The home buying process is often daunting for many people, but for those who are new U.S. citizens, the task can be particularly difficult. However, having a house to oneself is a dream for many immigrants, and there are options available that can help make the process easier to navigate. 

In order to help get your footing on the home buying process as a new U.S. citizen, here are a few tips and resources you can utilize to make your journey as easy as possible.

Save Early

While there are first-time homeowners loans available that immigrants should certainly take advantage of, these loans still require a down payment of 3.5%. Therefore, saving money in advance is imperative to the process. 

Signing up for a bank account in the United States as a new citizen can be difficult, especially due to the potential lack of a U.S. credit score. However, there are now online banks that don’t require credit checks to sign up, allowing you to have a safe place to save your money during your home buying process.

Build Credit

As mentioned previously, credit scores play a major role in the home buying process; your credit history will impact the interest rates and loan amounts you have access to. This applies to most mortgage services, aside from a few agencies that perform underwriting for home buyers and don’t take credit score into account when applying.

However, there are options available for new citizens looking to build their credit. One option would be to use your international credit report to get credit in the United States. This means that you won’t need to spend time signing up for credit cards and building credit, if you have a solid credit score from your previous nation of residence.

Find Community Support

Remember that the home buying process isn’t something that you need to take on all by yourself. Through the support of your friends, family, and other members of your local community, you can find a great network of people who have been through the home buying process themselves. Many of them would be more than willing to provide insights and advice on how to navigate it in the best, most cost-effective way.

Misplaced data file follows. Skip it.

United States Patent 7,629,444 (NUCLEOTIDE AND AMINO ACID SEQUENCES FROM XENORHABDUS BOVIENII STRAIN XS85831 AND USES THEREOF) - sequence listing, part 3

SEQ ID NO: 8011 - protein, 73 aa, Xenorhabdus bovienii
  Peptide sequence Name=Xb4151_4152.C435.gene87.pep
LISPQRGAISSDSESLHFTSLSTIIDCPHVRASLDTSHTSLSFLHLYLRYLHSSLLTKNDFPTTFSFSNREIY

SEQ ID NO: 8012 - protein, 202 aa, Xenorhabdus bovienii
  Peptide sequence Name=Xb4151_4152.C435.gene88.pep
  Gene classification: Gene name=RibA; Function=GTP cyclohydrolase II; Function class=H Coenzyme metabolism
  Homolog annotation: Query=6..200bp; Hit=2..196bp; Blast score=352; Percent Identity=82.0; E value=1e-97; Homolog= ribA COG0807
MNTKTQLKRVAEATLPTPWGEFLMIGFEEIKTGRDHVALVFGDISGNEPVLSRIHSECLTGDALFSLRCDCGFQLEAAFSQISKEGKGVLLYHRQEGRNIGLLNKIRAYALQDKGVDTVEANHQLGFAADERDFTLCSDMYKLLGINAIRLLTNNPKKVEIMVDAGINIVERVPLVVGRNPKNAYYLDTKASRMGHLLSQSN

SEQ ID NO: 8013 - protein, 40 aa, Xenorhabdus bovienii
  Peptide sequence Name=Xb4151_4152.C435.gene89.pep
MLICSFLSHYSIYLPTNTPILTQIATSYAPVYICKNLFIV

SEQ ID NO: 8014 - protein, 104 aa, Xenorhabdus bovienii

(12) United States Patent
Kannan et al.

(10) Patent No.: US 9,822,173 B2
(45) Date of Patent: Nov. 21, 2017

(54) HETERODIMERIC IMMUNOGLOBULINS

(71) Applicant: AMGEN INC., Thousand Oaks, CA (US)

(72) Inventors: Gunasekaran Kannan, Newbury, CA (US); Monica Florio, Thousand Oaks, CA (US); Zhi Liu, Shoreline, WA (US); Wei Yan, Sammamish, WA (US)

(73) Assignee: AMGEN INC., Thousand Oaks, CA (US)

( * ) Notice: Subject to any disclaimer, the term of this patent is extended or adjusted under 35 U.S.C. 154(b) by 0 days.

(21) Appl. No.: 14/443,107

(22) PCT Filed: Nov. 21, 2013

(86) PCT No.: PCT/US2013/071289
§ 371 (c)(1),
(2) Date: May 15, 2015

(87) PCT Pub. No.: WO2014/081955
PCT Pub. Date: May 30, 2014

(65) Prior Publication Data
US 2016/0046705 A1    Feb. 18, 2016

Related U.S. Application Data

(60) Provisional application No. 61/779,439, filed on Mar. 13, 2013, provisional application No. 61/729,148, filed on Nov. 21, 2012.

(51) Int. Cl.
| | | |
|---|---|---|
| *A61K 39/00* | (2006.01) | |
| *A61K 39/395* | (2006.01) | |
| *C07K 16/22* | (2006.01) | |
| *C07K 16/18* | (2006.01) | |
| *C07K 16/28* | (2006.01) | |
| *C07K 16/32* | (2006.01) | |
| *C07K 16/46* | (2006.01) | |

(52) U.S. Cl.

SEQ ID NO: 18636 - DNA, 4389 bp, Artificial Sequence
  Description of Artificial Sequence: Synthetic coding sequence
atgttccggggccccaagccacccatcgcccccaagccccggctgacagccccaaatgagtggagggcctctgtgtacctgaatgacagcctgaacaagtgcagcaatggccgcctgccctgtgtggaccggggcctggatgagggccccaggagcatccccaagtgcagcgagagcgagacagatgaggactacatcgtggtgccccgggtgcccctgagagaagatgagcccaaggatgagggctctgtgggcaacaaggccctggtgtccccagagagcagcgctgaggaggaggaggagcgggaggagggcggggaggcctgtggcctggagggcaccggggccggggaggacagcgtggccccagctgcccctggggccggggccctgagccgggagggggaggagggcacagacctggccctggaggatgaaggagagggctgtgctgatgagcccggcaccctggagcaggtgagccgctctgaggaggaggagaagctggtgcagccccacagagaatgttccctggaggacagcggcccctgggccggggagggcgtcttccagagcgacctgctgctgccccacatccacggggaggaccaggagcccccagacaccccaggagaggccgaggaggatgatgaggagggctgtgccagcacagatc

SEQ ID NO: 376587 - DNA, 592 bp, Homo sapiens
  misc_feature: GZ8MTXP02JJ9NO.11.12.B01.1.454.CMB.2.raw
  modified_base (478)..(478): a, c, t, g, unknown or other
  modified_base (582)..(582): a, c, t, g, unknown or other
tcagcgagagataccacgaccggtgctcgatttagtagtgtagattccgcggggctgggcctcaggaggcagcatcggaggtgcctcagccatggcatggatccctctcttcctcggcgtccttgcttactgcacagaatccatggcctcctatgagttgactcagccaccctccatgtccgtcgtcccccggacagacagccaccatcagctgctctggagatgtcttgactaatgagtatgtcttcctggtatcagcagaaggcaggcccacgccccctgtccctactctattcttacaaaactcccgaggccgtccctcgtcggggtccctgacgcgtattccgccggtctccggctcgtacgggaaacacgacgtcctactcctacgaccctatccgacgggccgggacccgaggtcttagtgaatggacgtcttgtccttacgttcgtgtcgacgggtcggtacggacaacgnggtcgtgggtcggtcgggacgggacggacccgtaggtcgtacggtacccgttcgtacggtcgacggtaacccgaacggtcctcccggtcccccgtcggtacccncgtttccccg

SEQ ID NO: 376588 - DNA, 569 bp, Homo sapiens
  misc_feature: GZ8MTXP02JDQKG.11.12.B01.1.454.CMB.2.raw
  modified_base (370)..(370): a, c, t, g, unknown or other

Finally, look for real estate agents that have experience working with new citizens, as they can often point you in the direction of the best resources for you to utilize while searching for a home. They will also be more understanding of your current situation, and give you the time and advice you need, to avoid rushing into the process and overspending, or settling on a home you don’t enjoy. At the end of the day, being a homeowner is a wonderful experience, and the day you finally sign the final deal will be incredibly rewarding.


Relatable articles: Why “We Buy Houses for Cash” is a Bad Idea

Dog Laws & Home Ownership: What You Need to Know

You’ve lived in cramped apartments where having a dog wouldn’t make sense. You upgraded to a beautiful condo annnnnd unfortunately, dogs aren’t allowed.

Finally, the moment has come. You’re buying a house! You can get as many dogs as you want now! You can open up your own rescue if you wanted? Right?

Surprisingly, the answer is no. Even as a homeowner, your dog ownership capabilities are more limited than you might think.

Number of Dogs

Buying a house out in the country with lots of land? The sky is pretty much your limit with how many dogs you can own. That’s not the case in many cities, where there are restrictions on how many dogs live in a household. Here are a few examples

  • In Holland, MI only two dogs are allowed per household. A man spent 90 days in jail for refusing to give up one of his three dogs.
  • The New Jersey Supreme Court ruled in favor of a neighborhood law that homeowners could have one to three dogs.
  • Homeowners can have no more than four weaned dogs in Long Beach, CA.

Before you buy a house, check the area’s laws if you have more than two dogs, just to play it safe.

Kennel License

Kennel licenses are often thought of for breeders or doggie daycare owners, but that’s not always the case. Some cities require homeowners to get a special kennel license if they own more than four or five dogs. You might have to pay a few hundred dollars each year. Check this table to see each state’s laws (and how much you’ll owe).

Homeowner’s Insurance

Unless you buy a house in Michigan or Pennsylvania, homeowners insurance companies could deny you coverage, solely because of your dog’s breed. These are some of the breeds that are sometimes flagged by insurance companies:

  • Pitbull
  • Doberman
  • German Shepherd
  • Rottweiler
  • Huskie
  • Chow Chow
  • Great Dane
  • Akita
  • Wolf hybrids
  • Boxer

Some of those breeds are actually banned in cities as well. Keep in mind, simply having a dog might up your insurance costs — even if Fido is not one of the breeds listed above.